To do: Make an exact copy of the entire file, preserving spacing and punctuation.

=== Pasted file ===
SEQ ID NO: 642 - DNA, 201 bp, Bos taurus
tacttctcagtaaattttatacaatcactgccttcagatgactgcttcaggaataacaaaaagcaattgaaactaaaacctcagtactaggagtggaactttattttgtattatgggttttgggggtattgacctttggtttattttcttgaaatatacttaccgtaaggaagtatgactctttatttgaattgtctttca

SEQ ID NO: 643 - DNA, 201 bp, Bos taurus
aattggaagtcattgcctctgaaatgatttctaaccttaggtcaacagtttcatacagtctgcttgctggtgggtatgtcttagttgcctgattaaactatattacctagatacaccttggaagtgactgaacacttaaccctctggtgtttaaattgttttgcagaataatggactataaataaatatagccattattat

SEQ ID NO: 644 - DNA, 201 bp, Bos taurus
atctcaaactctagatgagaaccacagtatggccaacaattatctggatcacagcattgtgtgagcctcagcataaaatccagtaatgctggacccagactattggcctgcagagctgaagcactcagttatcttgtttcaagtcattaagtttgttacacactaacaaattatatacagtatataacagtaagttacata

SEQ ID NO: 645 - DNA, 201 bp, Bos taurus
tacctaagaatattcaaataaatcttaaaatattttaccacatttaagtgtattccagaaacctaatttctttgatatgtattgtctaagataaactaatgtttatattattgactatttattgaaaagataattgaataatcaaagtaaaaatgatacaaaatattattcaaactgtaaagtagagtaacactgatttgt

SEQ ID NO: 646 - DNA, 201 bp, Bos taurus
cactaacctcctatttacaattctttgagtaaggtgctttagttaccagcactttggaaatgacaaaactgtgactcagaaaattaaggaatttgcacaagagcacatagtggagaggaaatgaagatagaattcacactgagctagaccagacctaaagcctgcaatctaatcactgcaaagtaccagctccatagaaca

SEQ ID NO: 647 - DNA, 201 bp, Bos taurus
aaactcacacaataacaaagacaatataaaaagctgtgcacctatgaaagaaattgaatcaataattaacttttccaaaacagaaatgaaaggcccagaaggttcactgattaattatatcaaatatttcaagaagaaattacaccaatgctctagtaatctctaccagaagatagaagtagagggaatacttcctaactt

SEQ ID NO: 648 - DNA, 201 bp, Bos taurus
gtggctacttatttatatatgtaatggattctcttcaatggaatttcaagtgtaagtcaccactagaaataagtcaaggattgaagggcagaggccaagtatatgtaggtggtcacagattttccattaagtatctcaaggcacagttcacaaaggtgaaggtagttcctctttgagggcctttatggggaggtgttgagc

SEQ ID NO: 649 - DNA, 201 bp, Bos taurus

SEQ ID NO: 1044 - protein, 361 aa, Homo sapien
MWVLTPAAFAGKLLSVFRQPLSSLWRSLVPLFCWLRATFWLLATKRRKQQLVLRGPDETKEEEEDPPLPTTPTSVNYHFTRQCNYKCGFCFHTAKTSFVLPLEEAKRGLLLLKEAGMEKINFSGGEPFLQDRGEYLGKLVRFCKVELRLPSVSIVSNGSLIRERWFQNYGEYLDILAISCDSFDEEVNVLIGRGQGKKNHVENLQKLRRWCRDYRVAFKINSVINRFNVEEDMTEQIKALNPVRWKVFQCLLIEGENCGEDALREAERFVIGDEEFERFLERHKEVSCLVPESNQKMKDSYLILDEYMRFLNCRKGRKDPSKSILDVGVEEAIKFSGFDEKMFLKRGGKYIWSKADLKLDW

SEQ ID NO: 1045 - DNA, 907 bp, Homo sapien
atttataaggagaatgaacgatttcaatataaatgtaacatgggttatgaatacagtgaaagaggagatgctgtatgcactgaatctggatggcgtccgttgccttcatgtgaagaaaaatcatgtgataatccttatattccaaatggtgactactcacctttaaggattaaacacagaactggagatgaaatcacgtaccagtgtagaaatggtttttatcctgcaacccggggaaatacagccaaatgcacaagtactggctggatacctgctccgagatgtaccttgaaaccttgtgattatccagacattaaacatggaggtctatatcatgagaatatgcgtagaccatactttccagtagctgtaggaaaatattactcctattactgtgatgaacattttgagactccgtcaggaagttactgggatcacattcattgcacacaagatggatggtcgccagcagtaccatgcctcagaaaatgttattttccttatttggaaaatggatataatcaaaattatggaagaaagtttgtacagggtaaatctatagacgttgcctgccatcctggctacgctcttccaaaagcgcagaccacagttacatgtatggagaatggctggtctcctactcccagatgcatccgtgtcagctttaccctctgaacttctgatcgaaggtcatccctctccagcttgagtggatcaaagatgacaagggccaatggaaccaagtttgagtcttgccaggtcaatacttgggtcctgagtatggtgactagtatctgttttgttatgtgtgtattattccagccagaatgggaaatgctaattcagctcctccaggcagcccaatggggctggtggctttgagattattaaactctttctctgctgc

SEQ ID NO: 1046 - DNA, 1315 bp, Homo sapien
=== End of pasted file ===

SEQ ID NO: 642 - DNA, 201 bp, Bos taurus
tacttctcagtaaattttatacaatcactgccttcagatgactgcttcaggaataacaaaaagcaattgaaactaaaacctcagtactaggagtggaactttattttgtattatgggttttgggggtattgacctttggtttattttcttgaaatatacttaccgtaaggaagtatgactctttatttgaattgtctttca

SEQ ID NO: 643 - DNA, 201 bp, Bos taurus
aattggaagtcattgcctctgaaatgatttctaaccttaggtcaacagtttcatacagtctgcttgctggtgggtatgtcttagttgcctgattaaactatattacctagatacaccttggaagtgactgaacacttaaccctctggtgtttaaattgttttgcagaataatggactataaataaatatagccattattat

SEQ ID NO: 644 - DNA, 201 bp, Bos taurus
atctcaaactctagatgagaaccacagtatggccaacaattatctggatcacagcattgtgtgagcctcagcataaaatccagtaatgctggacccagactattggcctgcagagctgaagcactcagttatcttgtttcaagtcattaagtttgttacacactaacaaattatatacagtatataacagtaagttacata

SEQ ID NO: 645 - DNA, 201 bp, Bos taurus
tacctaagaatattcaaataaatcttaaaatattttaccacatttaagtgtattccagaaacctaatttctttgatatgtattgtctaagataaactaatgtttatattattgactatttattgaaaagataattgaataatcaaagtaaaaatgatacaaaatattattcaaactgtaaagtagagtaacactgatttgt

SEQ ID NO: 646 - DNA, 201 bp, Bos taurus
cactaacctcctatttacaattctttgagtaaggtgctttagttaccagcactttggaaatgacaaaactgtgactcagaaaattaaggaatttgcacaagagcacatagtggagaggaaatgaagatagaattcacactgagctagaccagacctaaagcctgcaatctaatcactgcaaagtaccagctccatagaaca

SEQ ID NO: 647 - DNA, 201 bp, Bos taurus
aaactcacacaataacaaagacaatataaaaagctgtgcacctatgaaagaaattgaatcaataattaacttttccaaaacagaaatgaaaggcccagaaggttcactgattaattatatcaaatatttcaagaagaaattacaccaatgctctagtaatctctaccagaagatagaagtagagggaatacttcctaactt

SEQ ID NO: 648 - DNA, 201 bp, Bos taurus
gtggctacttatttatatatgtaatggattctcttcaatggaatttcaagtgtaagtcaccactagaaataagtcaaggattgaagggcagaggccaagtatatgtaggtggtcacagattttccattaagtatctcaaggcacagttcacaaaggtgaaggtagttcctctttgagggcctttatggggaggtgttgagc

SEQ ID NO: 649 - DNA, 201 bp, Bos taurus

SEQ ID NO: 1044 - protein, 361 aa, Homo sapien
MWVLTPAAFAGKLLSVFRQPLSSLWRSLVPLFCWLRATFWLLATKRRKQQLVLRGPDETKEEEEDPPLPTTPTSVNYHFTRQCNYKCGFCFHTAKTSFVLPLEEAKRGLLLLKEAGMEKINFSGGEPFLQDRGEYLGKLVRFCKVELRLPSVSIVSNGSLIRERWFQNYGEYLDILAISCDSFDEEVNVLIGRGQGKKNHVENLQKLRRWCRDYRVAFKINSVINRFNVEEDMTEQIKALNPVRWKVFQCLLIEGENCGEDALREAERFVIGDEEFERFLERHKEVSCLVPESNQKMKDSYLILDEYMRFLNCRKGRKDPSKSILDVGVEEAIKFSGFDEKMFLKRGGKYIWSKADLKLDW

SEQ ID NO: 1045 - DNA, 907 bp, Homo sapien
atttataaggagaatgaacgatttcaatataaatgtaacatgggttatgaatacagtgaaagaggagatgctgtatgcactgaatctggatggcgtccgttgccttcatgtgaagaaaaatcatgtgataatccttatattccaaatggtgactactcacctttaaggattaaacacagaactggagatgaaatcacgtaccagtgtagaaatggtttttatcctgcaacccggggaaatacagccaaatgcacaagtactggctggatacctgctccgagatgtaccttgaaaccttgtgattatccagacattaaacatggaggtctatatcatgagaatatgcgtagaccatactttccagtagctgtaggaaaatattactcctattactgtgatgaacattttgagactccgtcaggaagttactgggatcacattcattgcacacaagatggatggtcgccagcagtaccatgcctcagaaaatgttattttccttatttggaaaatggatataatcaaaattatggaagaaagtttgtacagggtaaatctatagacgttgcctgccatcctggctacgctcttccaaaagcgcagaccacagttacatgtatggagaatggctggtctcctactcccagatgcatccgtgtcagctttaccctctgaacttctgatcgaaggtcatccctctccagcttgagtggatcaaagatgacaagggccaatggaaccaagtttgagtcttgccaggtcaatacttgggtcctgagtatggtgactagtatctgttttgttatgtgtgtattattccagccagaatgggaaatgctaattcagctcctccaggcagcccaatggggctggtggctttgagattattaaactctttctctgctgc

SEQ ID NO: 1046 - DNA, 1315 bp, Homo sapien